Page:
Desmoid tumours are rare local tumours in the connective tissue. They're often abdominal, but they can also appear in the neck area and in other parts of the body. The tumours often cause pain and severe functional limitations. The disorder is extremely rare and progresses unpredictably. Most patients have slow-growing desmoid tumours but a few face a more aggressive form. Only a small percentage of patients benefit from drug treatment, so there has been little research into effective medication until now.
Improvement in 91%
A randomised phase 3 study could show that treatment with the brand new medicine nirogacestat, a gamma secretase inhibitor, resulted in a spectacular improvement in comparison to the placebo group. 91 per cent of patients saw partial or complete improvement of their complaints and the risk of an increase of the tumours was reduced with 70%. The researchers also noted a statistical improvement in pain symptoms, physical functioning and overall quality of life in the patients taking the drug, while side effects remained very limited.
Up to now there was very little research into efficient medicationprof. dr. Patrick Schöffski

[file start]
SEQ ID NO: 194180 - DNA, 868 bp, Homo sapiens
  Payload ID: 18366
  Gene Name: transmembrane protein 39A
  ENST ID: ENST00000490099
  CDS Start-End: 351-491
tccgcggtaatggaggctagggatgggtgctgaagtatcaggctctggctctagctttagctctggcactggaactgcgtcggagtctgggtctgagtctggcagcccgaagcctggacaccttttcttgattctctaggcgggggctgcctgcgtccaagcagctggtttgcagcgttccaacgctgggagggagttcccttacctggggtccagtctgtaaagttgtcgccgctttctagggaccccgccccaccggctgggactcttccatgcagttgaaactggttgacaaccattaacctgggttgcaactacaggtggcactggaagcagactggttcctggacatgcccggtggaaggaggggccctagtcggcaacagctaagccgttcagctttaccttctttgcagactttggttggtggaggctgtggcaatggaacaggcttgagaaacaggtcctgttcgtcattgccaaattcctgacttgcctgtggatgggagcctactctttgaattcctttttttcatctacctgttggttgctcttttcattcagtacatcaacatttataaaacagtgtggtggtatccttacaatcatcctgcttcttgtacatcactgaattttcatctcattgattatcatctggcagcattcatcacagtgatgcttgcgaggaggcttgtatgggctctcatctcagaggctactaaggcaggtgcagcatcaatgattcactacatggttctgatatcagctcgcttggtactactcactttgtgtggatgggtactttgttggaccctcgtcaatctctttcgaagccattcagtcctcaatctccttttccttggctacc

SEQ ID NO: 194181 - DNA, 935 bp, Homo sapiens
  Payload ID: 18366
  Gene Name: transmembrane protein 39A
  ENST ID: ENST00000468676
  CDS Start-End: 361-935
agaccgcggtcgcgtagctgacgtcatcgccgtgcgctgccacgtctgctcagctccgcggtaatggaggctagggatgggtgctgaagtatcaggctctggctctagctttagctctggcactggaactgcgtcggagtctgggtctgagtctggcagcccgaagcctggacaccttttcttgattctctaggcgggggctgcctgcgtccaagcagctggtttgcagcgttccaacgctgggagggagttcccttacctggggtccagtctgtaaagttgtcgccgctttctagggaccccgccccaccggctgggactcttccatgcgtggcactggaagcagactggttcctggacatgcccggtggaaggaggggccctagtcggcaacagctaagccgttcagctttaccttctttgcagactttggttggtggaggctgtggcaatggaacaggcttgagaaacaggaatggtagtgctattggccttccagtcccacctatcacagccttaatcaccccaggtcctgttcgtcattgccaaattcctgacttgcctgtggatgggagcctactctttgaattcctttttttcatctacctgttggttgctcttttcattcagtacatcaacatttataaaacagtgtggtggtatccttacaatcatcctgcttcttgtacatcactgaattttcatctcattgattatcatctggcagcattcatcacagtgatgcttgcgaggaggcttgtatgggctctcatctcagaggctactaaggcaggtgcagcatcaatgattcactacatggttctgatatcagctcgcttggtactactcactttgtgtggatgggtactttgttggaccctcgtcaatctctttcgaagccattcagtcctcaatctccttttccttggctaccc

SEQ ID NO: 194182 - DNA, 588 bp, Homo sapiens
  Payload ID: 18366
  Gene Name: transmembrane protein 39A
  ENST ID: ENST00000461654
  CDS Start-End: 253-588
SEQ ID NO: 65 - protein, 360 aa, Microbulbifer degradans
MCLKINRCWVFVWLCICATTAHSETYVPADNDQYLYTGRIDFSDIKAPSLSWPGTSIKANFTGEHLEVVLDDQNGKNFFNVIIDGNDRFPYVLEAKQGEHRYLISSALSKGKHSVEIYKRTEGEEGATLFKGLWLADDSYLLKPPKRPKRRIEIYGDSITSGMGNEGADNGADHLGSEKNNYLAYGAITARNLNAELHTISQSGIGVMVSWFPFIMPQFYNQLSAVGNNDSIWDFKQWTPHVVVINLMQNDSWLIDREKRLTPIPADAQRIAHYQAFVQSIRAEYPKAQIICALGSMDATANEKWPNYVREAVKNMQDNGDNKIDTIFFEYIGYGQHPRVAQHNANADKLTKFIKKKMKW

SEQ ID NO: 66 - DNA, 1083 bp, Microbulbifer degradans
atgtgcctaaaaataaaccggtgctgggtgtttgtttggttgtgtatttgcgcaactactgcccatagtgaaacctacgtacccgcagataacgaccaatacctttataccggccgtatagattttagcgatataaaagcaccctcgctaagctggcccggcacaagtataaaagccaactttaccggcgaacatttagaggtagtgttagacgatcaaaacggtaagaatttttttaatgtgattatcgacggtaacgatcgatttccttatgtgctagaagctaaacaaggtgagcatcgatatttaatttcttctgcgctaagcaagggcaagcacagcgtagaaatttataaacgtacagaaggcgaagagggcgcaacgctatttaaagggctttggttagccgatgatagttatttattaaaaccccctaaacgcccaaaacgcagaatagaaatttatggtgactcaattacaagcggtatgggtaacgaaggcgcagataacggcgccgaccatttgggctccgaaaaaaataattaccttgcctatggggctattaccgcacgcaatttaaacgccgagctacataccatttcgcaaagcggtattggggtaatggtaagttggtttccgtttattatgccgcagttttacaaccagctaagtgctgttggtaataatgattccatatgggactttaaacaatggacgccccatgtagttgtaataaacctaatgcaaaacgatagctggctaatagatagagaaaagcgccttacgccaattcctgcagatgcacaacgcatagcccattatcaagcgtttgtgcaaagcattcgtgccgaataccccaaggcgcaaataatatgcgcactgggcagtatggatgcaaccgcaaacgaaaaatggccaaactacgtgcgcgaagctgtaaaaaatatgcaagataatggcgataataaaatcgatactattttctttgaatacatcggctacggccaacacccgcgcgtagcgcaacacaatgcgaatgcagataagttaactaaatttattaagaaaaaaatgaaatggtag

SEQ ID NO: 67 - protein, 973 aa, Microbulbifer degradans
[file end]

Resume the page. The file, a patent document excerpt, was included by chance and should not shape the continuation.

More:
Prof. dr. Patrick Schöffski, head of the general medical oncology department at UZ Leuven and involved in the trial: “Desmoid tumours are very different from traditional tumours. They won't kill you and they cannot metastasise to other places. The disease can remain stable for a long time and can also sometimes spontaneously disappear. Patients that are confronted with an aggressive type suffer a lot of pain symptoms and especially disturbing growths that limit their freedom of movement. Their daily or social functioning at work or at school often becomes very difficult. For them this new targeted oral treatment is excellent news. It is the first time that we have been able to find medication against aggressive desmoid tumours with convincing scientific evidence: based on this study, nirogacestat will definitely become the new standard approach for people with desmoid tumours in need of treatment with medication.”